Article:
getEvent :: Inotify -> IO Event
getEvent inotify@Inotify{..} = loop
    funcName = "System.Linux.Inotify.getEvent"
    loop = join $ withLock bufferLock $ do
               start <- readIORef startRef
               end   <- readIORef endRef
               if start < end
               then (do
                        evt <- getMessage inotify start True
                        return (return evt)                  )
               else fillBuffer funcName inotify
                    -- file descriptor closed:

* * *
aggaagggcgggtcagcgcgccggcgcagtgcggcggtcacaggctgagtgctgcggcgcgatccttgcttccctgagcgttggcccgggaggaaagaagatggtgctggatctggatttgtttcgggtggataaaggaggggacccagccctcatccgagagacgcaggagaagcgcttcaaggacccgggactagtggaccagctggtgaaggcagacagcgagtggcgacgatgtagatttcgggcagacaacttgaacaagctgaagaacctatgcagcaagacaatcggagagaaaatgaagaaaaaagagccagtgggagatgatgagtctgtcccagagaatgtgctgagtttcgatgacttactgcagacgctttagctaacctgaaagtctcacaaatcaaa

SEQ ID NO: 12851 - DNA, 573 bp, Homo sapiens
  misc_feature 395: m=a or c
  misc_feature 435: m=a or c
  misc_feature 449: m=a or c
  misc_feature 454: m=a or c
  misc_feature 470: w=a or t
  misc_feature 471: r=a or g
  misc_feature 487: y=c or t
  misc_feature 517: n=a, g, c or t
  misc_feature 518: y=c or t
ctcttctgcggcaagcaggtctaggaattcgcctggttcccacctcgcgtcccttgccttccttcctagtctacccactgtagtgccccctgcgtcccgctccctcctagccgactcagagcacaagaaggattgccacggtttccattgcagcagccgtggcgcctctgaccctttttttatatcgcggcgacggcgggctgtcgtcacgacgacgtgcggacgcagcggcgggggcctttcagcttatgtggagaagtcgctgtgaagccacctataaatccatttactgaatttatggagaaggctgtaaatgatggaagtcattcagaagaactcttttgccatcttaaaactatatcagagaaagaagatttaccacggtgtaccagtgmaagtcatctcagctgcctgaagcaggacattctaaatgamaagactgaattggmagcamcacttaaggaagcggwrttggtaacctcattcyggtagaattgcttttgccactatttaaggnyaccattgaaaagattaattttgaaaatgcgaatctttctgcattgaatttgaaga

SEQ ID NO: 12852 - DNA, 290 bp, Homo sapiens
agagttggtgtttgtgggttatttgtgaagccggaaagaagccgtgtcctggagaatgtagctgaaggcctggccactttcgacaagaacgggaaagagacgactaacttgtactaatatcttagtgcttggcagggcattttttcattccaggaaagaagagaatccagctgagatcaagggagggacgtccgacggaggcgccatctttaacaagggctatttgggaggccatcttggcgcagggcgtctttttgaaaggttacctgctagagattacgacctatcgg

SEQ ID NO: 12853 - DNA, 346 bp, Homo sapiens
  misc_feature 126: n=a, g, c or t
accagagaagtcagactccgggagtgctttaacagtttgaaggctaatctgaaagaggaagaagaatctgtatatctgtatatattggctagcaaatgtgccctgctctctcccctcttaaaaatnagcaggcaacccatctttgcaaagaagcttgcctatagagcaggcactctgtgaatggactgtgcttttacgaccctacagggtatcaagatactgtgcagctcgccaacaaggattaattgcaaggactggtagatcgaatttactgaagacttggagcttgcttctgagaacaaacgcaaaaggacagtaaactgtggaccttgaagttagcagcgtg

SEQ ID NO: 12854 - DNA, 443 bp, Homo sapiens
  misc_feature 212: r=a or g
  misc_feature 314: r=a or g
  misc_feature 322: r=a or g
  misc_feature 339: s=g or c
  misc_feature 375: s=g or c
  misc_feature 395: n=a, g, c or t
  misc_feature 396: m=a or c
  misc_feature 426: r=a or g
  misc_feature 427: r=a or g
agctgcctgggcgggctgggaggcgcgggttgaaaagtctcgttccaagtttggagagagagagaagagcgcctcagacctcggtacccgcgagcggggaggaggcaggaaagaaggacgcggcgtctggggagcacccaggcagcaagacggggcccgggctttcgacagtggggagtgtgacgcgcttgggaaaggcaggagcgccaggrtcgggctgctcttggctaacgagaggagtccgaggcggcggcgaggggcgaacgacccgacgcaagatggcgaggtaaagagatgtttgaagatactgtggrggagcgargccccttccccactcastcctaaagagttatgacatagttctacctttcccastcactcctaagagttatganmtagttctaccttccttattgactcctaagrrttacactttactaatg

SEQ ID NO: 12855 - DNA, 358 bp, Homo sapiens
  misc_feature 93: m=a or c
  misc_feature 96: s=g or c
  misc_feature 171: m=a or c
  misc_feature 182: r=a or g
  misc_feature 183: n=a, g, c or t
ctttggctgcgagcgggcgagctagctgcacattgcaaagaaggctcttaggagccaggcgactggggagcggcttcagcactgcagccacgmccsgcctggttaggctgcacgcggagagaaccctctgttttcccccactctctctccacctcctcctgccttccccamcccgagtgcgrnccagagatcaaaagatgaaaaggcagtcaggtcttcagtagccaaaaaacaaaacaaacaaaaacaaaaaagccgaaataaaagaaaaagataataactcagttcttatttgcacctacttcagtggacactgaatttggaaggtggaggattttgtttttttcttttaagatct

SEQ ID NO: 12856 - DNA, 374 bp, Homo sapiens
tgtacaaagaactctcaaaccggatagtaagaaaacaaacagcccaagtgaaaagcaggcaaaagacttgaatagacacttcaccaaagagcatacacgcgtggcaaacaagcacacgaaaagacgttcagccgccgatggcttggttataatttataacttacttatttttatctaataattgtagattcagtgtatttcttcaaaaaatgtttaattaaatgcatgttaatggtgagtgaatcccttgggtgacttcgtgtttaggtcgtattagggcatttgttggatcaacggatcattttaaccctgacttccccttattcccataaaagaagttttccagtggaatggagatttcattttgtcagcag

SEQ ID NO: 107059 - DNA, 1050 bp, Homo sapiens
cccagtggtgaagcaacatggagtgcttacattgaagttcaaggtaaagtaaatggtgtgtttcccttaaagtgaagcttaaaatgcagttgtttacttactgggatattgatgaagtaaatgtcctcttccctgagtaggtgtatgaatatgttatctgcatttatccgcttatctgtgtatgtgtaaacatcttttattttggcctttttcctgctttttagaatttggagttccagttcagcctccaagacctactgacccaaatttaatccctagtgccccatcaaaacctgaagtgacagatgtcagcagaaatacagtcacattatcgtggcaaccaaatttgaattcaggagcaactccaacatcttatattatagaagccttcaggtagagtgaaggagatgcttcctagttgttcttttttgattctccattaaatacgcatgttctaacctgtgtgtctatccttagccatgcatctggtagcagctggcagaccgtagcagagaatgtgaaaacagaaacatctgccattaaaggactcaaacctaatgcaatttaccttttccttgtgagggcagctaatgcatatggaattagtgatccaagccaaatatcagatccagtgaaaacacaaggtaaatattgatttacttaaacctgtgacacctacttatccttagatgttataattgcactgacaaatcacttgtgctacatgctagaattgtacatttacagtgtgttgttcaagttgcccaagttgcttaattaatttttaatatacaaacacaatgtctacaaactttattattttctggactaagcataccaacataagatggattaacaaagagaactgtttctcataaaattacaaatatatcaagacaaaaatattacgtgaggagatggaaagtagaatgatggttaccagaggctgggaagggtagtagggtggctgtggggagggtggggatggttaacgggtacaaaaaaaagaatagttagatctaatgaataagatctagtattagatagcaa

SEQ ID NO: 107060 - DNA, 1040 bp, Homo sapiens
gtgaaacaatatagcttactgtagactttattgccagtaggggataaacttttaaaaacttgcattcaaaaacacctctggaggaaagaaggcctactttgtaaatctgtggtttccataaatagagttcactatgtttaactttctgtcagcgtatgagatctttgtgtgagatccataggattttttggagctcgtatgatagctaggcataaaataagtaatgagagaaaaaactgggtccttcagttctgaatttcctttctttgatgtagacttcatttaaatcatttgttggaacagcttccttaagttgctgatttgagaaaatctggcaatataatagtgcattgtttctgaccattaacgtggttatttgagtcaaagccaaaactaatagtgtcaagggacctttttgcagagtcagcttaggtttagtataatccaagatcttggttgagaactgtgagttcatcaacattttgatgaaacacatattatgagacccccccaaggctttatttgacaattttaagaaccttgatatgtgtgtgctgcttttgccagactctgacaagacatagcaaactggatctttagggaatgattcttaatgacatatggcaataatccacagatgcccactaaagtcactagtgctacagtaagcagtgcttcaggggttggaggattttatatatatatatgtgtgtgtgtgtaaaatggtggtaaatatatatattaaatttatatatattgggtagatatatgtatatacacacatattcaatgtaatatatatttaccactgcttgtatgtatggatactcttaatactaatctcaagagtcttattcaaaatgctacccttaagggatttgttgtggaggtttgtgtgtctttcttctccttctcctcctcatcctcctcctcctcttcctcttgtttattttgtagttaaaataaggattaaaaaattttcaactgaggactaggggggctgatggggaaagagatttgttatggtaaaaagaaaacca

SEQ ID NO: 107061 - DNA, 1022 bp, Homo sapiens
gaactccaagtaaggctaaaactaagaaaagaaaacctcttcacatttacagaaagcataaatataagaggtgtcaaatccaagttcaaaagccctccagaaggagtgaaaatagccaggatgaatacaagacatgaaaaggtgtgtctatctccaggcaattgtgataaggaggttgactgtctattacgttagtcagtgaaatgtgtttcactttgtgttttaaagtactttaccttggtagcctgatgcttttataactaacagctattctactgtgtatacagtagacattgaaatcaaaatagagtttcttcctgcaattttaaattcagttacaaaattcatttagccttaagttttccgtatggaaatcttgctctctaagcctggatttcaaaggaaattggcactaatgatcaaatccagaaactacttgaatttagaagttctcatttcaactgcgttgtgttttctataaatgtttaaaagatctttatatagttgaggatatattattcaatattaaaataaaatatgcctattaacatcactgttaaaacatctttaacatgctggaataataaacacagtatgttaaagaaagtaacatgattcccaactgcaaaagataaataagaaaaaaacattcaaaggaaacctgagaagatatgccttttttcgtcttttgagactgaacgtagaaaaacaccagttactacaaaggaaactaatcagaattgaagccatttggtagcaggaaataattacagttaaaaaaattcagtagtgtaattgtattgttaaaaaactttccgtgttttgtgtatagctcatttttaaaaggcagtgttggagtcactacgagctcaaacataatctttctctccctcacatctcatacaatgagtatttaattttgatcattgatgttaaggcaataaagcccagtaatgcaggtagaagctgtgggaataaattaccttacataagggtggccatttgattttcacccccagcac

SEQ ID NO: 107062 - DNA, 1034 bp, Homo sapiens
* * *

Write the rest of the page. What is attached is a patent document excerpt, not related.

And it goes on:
(throwIO $! fdClosed funcName)
                    -- reading the descriptor would block:
                       (\fd -> do
                            (waitRead,_) <- threadWaitReadSTM fd
                            return (atomically waitRead >> loop) )
                    -- read succeeded:
                            evt <- getMessage inotify 0 True
                            return (return evt)                  )

So there are two points of subtlety worth pointing out in this implementation. First is the idiom used in loop: the main body returns an IO (IO Event), which is turned into IO Event via join. The outer IO is done inside a lock, which computes an (IO Event) to perform after the lock(s) are dropped.

The second point of subtlety is the case where the read would block. You may want to think for a minute why I didn’t write this instead:

\fd -> do
   return (threadWaitRead fd >> loop)